Once you do this, you can freely ask questions about your product idea.
When to Conduct Post-Purchase Surveys
When you have a ready idea and possibly a tangible product that people could use and have their opinions on, it is time to conduct a product development survey.
3. User experience (UX) or usability survey
UX surveys will tell you how simple it is for your customers to use your product, service, and other solutions and features you are offering. You can ask all sorts of questions with this type of survey. Some ideas are:
In addition to this, you can ask some demographic questions to see who is using your product or service, as well as ask them why they decided to purchase that exact product.
When to Conduct Usability Surveys
Usability or UX surveys are mostly used on websites and for apps when you want to understand how easy or difficult it was for people to navigate them or use your services.
3. Decide on the Nature of the Questions You’ll Be Asking
Conducting customer satisfaction surveys indicates that you’ll be asking respondents some questions. But, do you know what kinds of questions you’ll add to your survey? The type of customer satisfaction feedback you’ll get depends firstly on what you are asking and secondly on how you’ll ask it.
First, let’s take a look at your options for what you can ask in a customer satisfaction survey.
Questions Related to Demographics
Demographics play a big role in your marketing and sales strategies and will tell you who your buyer personas are. If your survey goals include gathering information to do a statistical analysis of your target audience and get to know them better, you need demographic questions.
These are often personal questions, so you should approach them with caution. You can never be sure how customers feel about answering such personal questions, so make sure that they know the answers are optional.
Questions Related to Product Usage
Let’s say that your goal is gathering feedback about the products your brand sells. Even though this can be tempting, you can’t ask endless questions to measure customer satisfaction and cause survey fatigue in the respondents.
That being said, pick every survey question carefully to minimize the number of questions asked. Here are some examples of such questions to ask:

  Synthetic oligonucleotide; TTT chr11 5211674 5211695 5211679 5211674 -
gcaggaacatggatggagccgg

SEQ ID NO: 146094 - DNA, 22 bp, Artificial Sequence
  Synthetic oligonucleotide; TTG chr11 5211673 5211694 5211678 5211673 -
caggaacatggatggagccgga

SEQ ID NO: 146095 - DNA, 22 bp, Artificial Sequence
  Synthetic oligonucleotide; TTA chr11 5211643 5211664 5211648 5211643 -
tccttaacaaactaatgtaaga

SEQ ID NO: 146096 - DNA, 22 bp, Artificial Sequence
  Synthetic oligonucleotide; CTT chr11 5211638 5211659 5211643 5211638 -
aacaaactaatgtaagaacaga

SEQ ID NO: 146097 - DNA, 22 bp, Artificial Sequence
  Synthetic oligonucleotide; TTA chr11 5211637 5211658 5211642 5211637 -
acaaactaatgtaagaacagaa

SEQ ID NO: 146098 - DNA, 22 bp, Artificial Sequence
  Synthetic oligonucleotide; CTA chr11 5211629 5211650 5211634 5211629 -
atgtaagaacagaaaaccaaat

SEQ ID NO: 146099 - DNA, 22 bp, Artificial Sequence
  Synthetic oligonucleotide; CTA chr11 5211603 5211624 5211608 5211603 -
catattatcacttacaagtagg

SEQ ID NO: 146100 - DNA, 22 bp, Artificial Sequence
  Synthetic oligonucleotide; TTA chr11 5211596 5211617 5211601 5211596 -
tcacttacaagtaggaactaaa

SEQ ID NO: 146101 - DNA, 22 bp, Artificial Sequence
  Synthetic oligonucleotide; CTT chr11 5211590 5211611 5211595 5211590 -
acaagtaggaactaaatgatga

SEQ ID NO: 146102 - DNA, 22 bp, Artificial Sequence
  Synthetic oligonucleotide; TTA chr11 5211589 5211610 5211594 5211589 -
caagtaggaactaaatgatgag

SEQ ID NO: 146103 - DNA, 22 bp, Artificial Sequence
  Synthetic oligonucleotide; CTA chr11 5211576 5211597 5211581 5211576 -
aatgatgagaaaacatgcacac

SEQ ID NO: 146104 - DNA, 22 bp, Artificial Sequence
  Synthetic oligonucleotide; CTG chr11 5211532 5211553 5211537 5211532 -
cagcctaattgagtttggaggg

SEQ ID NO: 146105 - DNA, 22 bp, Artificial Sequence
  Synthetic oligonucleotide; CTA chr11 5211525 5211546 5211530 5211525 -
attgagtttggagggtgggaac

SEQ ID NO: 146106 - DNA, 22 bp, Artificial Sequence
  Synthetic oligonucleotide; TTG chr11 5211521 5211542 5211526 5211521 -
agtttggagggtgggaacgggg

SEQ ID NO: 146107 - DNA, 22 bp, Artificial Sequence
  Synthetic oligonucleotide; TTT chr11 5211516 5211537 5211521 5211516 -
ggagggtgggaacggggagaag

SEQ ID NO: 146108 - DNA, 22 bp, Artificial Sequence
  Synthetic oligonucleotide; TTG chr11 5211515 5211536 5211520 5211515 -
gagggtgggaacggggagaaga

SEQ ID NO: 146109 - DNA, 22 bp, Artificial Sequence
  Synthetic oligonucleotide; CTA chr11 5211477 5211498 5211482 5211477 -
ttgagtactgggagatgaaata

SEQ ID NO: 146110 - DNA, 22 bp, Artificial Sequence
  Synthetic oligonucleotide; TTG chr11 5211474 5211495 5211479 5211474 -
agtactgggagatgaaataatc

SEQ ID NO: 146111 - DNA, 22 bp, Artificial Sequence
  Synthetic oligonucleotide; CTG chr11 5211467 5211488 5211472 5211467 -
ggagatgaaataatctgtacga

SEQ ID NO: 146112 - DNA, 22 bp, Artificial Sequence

Questions to Test the Satisfaction Level
If you want to learn whether or not the customer’s experience was positive, you need to ask these types of questions. In these cases, it is wise to decide on a quantifiable method to analyze their answers. In many cases, companies use Likert scale questions to test satisfaction levels.
Lastly, to measure customer loyalty and test their satisfaction levels, you need to create follow-up questions after the participants have used your products and filled out a survey. These questions often come after other types of questions like the ones we listed above. Some examples are
4. Figure Out What Type of Question You’ll Ask
Now we’ve come to the point where you have to decide how you’ll be asking your survey question. This relates to the type of survey question you decide to ask. Let’s take a look at your options.
Multiple-choice survey questions limit the answers that your responders can give. These are easy to analyze and require very little effort on behalf of the customers to complete the survey. These can come in different patterns that include the following:
|Binary scale questions||Limit of two responses per question – usually looks like this: yes/no|
|Rating scale questions||These depend on a scale for grading customer satisfaction levels (NPS and CSAT surveys are an example of this)|
|Likert scale questions||In most cases, the Likert scale is a 5 point or 7 point scale. It usually goes between ‘strongly disagree’ and ‘strongly agree’|
|Nominal questions||These have different classifications of answers. Respondents can choose several options or even an option ‘all of the above’|
|Semantic differential questions||These are similar to the Likert scale questions in terms of the 5 or 7 point scale. But, they require more descriptive answers|